205 F2d 606 Tobin v. Ramey
205 F.2d 606
TOBIN, Secretary of Labor,
United States Court of Appeals Fifth Circuit.
June 30, 1953.
Harry N. Routzohn, Solicitor, Bessie Margolin, Asst. Sol., William A. Lowe and Sylvia S. Ellison, Attys., U. S. Dept. of Labor, Washington, D. C., and Earl Street, Reg. Atty., Dallas, Tex., for appellant.
Robert E. Leake, Jr., New Orleans, La., Deutsch, Kerrigan & Stiles, New Orleans, La., for appellee.
Before HOLMES, BORAH and RIVES, Circuit Judges.
HOLMES, Circuit Judge.
Appellant brought this action to enjoin appellee from violating the overtime and record-keeping provisions of the Fair Labor Standards Act, 29 U.S.C.A. §§ 207(a), 211 (c), and 215(a) (2), (5). The district court denied this relief because it found that appellee's employees were not within the coverage of the Act. As the trial court said, there is little or no dispute as to the facts. It is conceded that appellee did not comply, as to the employees engaged in the work, with the overtime and record-keeping provisions of the Act.
Appellee has been awarded a number of contracts by the Corps of Engineers, United States Army, all but one of which has been for work in the repair, maintenance, enlargement, and improvement of levees on the Mississippi River, unquestionably a navigable stream. In effect at the time of the filing of the complaint in this case was a contract for the repair, enlargement, and improvement of the White Oak Lake Levee which, though a setback levee, is a segment of the levee system for the main channel of the Mississippi River. It was constructed in 1931 and 1932, and subsequently was enlarged by appellee pursuant to a comprehensive Congressional plan for the control of that river. The plan covered the great alluvial valley of the Mississippi through its entire length from the Ohio River to the delta. It was based upon a levee system that would restrict the water to a moderate degree and then, in periods of extreme floods, allow it to escape over some lower levees, known as fuse-plugs.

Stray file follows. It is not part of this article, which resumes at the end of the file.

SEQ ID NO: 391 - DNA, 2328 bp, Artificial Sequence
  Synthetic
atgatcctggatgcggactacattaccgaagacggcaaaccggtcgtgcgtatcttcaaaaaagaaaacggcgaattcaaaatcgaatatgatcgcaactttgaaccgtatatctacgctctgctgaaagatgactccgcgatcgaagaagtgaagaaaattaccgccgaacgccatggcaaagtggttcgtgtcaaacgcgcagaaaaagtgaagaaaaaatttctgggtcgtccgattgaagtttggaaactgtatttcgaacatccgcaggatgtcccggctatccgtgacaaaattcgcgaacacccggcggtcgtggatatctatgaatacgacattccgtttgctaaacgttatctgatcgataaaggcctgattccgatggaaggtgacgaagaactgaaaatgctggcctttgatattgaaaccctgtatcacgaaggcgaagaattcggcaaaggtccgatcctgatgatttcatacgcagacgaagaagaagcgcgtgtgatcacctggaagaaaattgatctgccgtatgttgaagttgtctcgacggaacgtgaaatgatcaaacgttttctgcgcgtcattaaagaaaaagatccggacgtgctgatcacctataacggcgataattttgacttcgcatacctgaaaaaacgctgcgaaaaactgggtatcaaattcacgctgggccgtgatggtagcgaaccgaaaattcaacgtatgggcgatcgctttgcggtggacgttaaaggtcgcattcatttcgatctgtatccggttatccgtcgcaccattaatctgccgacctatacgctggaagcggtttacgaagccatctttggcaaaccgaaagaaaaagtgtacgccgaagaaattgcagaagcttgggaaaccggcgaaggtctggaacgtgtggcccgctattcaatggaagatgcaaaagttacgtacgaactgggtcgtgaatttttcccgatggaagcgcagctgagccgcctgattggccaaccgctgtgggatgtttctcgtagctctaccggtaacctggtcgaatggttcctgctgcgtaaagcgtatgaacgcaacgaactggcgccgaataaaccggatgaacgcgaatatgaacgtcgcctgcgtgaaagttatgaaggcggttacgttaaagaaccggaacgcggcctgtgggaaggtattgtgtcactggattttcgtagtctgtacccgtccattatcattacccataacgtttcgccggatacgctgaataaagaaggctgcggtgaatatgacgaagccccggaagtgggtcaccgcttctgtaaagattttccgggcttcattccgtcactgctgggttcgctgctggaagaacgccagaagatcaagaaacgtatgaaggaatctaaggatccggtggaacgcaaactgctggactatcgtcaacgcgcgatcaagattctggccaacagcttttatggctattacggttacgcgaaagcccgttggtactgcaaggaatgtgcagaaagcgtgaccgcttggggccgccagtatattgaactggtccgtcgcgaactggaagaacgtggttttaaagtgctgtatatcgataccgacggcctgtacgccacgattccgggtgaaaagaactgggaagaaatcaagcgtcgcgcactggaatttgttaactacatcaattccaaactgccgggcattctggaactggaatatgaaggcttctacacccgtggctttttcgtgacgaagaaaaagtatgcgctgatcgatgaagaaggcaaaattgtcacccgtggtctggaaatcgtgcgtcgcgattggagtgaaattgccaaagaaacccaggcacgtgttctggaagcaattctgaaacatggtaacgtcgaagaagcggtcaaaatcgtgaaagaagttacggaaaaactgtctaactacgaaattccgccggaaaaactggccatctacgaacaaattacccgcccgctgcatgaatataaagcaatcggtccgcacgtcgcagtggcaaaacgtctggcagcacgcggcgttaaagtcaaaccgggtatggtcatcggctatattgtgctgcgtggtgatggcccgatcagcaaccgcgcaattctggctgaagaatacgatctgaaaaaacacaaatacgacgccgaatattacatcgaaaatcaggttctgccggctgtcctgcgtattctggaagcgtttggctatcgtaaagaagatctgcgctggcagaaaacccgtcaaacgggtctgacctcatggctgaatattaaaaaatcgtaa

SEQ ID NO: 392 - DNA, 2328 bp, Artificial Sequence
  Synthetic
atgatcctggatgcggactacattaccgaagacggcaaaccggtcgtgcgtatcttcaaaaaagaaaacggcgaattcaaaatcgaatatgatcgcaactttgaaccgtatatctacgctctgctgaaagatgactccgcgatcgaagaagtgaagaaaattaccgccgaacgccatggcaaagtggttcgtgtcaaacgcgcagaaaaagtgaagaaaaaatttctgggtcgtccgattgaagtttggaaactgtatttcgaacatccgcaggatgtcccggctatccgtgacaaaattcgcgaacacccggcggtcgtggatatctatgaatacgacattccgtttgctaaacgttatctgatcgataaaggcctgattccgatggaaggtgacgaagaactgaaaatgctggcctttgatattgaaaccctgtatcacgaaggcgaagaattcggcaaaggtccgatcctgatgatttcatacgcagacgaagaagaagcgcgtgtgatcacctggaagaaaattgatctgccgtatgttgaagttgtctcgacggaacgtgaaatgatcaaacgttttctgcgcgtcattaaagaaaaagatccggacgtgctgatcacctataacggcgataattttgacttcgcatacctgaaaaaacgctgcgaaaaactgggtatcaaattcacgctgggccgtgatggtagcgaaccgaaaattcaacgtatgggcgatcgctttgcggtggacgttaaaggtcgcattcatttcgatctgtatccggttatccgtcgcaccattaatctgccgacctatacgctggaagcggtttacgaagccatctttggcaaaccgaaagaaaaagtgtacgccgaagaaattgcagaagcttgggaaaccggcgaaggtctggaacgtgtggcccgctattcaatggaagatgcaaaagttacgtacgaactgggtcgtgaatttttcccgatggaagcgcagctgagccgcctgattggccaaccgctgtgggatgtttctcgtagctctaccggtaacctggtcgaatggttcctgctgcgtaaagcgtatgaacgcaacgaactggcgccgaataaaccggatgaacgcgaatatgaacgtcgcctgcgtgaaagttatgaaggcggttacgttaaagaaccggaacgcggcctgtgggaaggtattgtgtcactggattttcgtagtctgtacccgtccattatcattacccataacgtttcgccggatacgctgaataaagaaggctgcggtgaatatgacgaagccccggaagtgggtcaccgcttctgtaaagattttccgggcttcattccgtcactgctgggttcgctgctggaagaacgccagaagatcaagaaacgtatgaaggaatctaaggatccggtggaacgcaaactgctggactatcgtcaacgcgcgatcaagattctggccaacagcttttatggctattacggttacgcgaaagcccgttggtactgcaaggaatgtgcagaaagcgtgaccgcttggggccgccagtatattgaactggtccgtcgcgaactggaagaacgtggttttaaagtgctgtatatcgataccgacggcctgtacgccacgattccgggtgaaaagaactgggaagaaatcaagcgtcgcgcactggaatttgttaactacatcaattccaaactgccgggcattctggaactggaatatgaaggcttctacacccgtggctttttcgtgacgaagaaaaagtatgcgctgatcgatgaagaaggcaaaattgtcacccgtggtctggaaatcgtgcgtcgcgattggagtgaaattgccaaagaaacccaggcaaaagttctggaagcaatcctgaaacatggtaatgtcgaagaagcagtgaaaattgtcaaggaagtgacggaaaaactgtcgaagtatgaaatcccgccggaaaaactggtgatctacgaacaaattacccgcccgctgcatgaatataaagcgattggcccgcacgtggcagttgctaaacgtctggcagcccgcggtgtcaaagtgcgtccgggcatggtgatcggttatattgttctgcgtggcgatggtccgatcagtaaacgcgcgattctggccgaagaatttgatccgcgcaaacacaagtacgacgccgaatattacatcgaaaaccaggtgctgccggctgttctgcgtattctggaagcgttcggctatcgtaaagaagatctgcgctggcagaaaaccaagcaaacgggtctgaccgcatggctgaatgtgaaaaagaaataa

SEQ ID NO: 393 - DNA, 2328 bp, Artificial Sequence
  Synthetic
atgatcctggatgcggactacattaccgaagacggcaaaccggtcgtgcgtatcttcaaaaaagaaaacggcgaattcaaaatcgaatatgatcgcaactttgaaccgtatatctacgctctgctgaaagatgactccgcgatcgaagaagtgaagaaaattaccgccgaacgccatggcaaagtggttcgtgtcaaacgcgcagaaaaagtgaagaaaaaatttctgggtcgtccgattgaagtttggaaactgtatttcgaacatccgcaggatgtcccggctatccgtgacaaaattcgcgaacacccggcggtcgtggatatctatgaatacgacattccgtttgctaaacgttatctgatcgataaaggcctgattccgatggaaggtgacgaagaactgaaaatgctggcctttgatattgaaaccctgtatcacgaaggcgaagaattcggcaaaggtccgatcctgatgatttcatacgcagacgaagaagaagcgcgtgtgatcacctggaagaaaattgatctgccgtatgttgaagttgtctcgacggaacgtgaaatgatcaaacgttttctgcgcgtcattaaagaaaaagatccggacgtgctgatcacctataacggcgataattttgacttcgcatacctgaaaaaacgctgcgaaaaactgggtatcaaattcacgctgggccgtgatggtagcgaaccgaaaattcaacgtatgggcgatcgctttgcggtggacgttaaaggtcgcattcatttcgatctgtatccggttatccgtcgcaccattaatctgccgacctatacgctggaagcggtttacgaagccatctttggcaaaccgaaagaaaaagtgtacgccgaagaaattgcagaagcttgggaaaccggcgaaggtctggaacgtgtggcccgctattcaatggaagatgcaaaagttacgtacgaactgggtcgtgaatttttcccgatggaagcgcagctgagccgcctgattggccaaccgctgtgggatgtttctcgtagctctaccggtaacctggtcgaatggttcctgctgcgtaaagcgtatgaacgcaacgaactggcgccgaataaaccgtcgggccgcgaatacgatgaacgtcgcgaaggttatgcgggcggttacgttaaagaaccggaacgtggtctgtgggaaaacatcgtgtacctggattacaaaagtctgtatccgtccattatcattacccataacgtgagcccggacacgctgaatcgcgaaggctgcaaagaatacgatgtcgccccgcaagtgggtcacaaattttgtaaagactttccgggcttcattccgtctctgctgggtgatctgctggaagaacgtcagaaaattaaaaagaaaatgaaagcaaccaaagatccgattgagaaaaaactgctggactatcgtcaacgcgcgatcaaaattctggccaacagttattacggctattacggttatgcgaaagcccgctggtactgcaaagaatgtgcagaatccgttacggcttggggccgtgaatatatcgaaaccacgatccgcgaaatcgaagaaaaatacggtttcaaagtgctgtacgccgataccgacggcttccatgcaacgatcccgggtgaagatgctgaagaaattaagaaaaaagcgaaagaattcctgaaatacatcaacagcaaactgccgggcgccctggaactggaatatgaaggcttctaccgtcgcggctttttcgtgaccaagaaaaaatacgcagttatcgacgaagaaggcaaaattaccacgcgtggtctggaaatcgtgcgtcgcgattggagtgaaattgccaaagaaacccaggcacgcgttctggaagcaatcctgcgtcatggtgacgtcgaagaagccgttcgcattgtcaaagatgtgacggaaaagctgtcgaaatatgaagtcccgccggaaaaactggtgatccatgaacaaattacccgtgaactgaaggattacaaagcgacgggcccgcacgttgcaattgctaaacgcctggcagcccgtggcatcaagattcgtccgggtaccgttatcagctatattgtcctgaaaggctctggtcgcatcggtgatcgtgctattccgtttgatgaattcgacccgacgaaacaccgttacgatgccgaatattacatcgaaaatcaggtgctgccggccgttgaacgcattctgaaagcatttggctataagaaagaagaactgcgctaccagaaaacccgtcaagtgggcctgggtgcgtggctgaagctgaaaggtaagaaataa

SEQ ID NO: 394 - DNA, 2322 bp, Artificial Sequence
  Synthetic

The trial court found that the White Oak Lake Levee is a part of the main-line system of the Mississippi River. The theory is that confinement of the river increases the body of water carried within its banks, and that levees may affect the hydraulic efficiency of a river whether they are one hundred feet, one mile, or even five miles from the river, since the matter is one of degree. We think the trial court erred in holding that employees engaged in the repair, improvement, and enlargement of an existing segment of the levee system for the main channel of the Mississippi River are not engaged in commerce or in the production of goods for commerce within the meaning of the Fair Labor Standards Act of 1938, as amended.
We do not regard this case as moot. Therefore, the judgment appealed from is reversed, and the cause remanded for further proceedings not inconsistent with this opinion.